Thursday, February 12, 2009

ATH: Coaching stuff

especially interesting because this is the first i've heard that one of my college roomies was going to be coaching right down the road from me . . . but withdrew . . .


Muehlstein says negativity led to resignation
Alex Byington, The Daily Times, Published February 12, 2009

COMFORT — Less than a year after being hired for his first head coaching job at Comfort High School, Keith Muehlstein again is searching for work.

“The negativity that exists — not everywhere, just in some segments — becomes a cancer to the team, and since you can’t really cut that cancer out, you’ve got to find a way to address it,” Muehlstein said, explaining the reasons for his decision. “So if you can’t fight it, you move on.”

Muehlstein replaced the long-since departed Lee Wiginton, who became the head football coach at Mexia, in February 2008.

This week, Muehlstein resigned from the athletic director/head football spot, along with assistant coaches Kane Harris and Doug Wheeler, and wives Amber Muehlstein and Tiffany Harris. All five taught in the Comfort Independent School District.

Muehlstein talked publicly for the first time since the resignations were unanimously accepted Monday by the Comfort ISD school board despite several community members voicing support for the 32-year-old athletic director.

Muehlstein sought to make his mark in Comfort as a first-year head coach with plans to establish roots in the Hill Country. But with several community members upset with his hiring, issues off the field quickly developed that made it nearly impossible to accomplish that goal.

“There was a segment that was obviously against me, and you either fight it or you move on,” he said. “And it’s hard to fight because next year or the year after, they’re still going to be here.”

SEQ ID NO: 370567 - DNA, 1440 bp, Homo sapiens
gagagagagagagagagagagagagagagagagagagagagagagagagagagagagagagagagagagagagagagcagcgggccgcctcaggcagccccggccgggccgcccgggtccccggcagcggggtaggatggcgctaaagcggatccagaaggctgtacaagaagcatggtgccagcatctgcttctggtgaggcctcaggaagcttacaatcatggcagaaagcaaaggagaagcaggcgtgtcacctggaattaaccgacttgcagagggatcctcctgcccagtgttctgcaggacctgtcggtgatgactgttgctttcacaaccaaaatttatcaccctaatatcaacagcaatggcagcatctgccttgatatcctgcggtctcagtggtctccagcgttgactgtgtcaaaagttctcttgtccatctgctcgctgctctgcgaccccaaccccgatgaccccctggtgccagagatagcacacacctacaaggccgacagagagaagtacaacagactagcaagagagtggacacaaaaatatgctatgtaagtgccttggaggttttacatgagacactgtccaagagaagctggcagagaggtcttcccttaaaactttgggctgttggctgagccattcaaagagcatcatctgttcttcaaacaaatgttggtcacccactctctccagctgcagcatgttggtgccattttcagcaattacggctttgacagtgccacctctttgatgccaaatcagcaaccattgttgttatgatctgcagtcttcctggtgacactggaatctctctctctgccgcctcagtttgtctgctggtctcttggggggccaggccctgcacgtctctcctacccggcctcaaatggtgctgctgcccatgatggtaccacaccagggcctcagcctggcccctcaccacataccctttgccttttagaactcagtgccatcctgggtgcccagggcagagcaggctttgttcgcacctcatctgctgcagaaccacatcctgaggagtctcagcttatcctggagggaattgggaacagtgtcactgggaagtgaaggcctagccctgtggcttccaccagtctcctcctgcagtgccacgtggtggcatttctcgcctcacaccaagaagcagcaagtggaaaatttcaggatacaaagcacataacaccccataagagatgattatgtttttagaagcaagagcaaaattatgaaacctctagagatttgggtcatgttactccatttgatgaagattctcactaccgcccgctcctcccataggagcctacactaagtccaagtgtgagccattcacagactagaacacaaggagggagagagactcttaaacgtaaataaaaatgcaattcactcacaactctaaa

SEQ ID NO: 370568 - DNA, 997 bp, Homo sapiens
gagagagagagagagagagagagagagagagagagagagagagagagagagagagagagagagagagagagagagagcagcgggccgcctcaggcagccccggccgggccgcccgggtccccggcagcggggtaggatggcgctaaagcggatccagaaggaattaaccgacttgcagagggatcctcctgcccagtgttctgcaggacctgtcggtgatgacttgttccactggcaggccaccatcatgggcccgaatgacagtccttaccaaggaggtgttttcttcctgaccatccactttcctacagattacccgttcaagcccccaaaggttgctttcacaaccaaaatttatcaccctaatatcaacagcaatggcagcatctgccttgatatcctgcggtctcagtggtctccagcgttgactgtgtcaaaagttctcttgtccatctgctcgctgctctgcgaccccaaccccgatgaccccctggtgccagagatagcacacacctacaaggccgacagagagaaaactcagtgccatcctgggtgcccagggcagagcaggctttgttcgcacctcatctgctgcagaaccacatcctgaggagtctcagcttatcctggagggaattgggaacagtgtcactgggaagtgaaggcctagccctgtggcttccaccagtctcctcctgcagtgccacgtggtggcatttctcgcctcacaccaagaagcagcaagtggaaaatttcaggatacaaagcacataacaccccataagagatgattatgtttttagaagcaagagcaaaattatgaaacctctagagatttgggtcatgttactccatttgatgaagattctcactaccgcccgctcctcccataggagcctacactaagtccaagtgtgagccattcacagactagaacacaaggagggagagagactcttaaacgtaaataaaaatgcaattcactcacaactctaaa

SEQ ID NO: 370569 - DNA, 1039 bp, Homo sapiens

Fighting “small town politics” for most of his 11 months on the job, things hit a boiling point this month when Muehlstein felt compelled to explain his decisions regarding the Bobcats football team in a letter published in the Feb. 4 edition of the Comfort News, a weekly Comfort newspaper.

Detailing 11 complaints voiced by several community members in an open-door meeting, Muehlstein defended everything from play calling and use of the spread offense to coaching assignments and players who quit or move away.

“This has taken on a life of its own — it’s not criticism, it’s gotten out of hand,” he said.

Although not the first choice to replace Wiginton, Muehlstein was picked for the Comfort job from several candidates after Smithson Valley assistant coach Brad Lind withdrew three days into his tenure for family reasons.

“When we got here, knowing how young we were, knowing what our schedule looked like early, we knew it was going to be a tough start,” Muehlstein said. “But we knew we were going to get it turned by the end, and we could still get in (to the playoffs), which is what we did.”

Beginning with six straight losses, Muehlstein helped re-energize the Bobcats, fueling them to four straight victories and a spot in the Class 2A-Division I playoffs.

But sending a team to its 10th playoff berth in the last 11 seasons was not enough for parts of the community.

“I really ain’t too worried about what everybody else thinks. I’m going to do what I think is best for the group, period,” Muehlstein said. “... There’s always going to be one mommy or daddy mad. So be it. I don’t care.”

Despite the majority of the criticism coming from a small segment of the population, estimated at around 25 people, their voices were heard loud and clear.

“Sometimes there are others that don’t have that same perspective (as a head coach), they want what’s best for their kid, or whatever other motive they may or may not have,” he added. “So there are always going to be people that disagree.”

Although it was a difficult decision, especially leaving behind so many kids he had built connections with, there was only one option.

“The kids have been great,” Muehlstein said. “And that’s the sad part of all of this ... that they’re the ones that are getting the short end of the stick.”

Now, Muehlstein is moving on, leaving his first head coaching job for an unknown destination.

“What really would have changed? The drama will still be the same drama and why would I subject myself or my family to that?” Muehlstein asked.

Muehlstein’s time at Comfort will fade to black come June. But the soon-to-be father has no doubt there are still plenty of games left in his future.

“The show doesn’t end here, it’s just the end of this chapter,” Muehlstein said.

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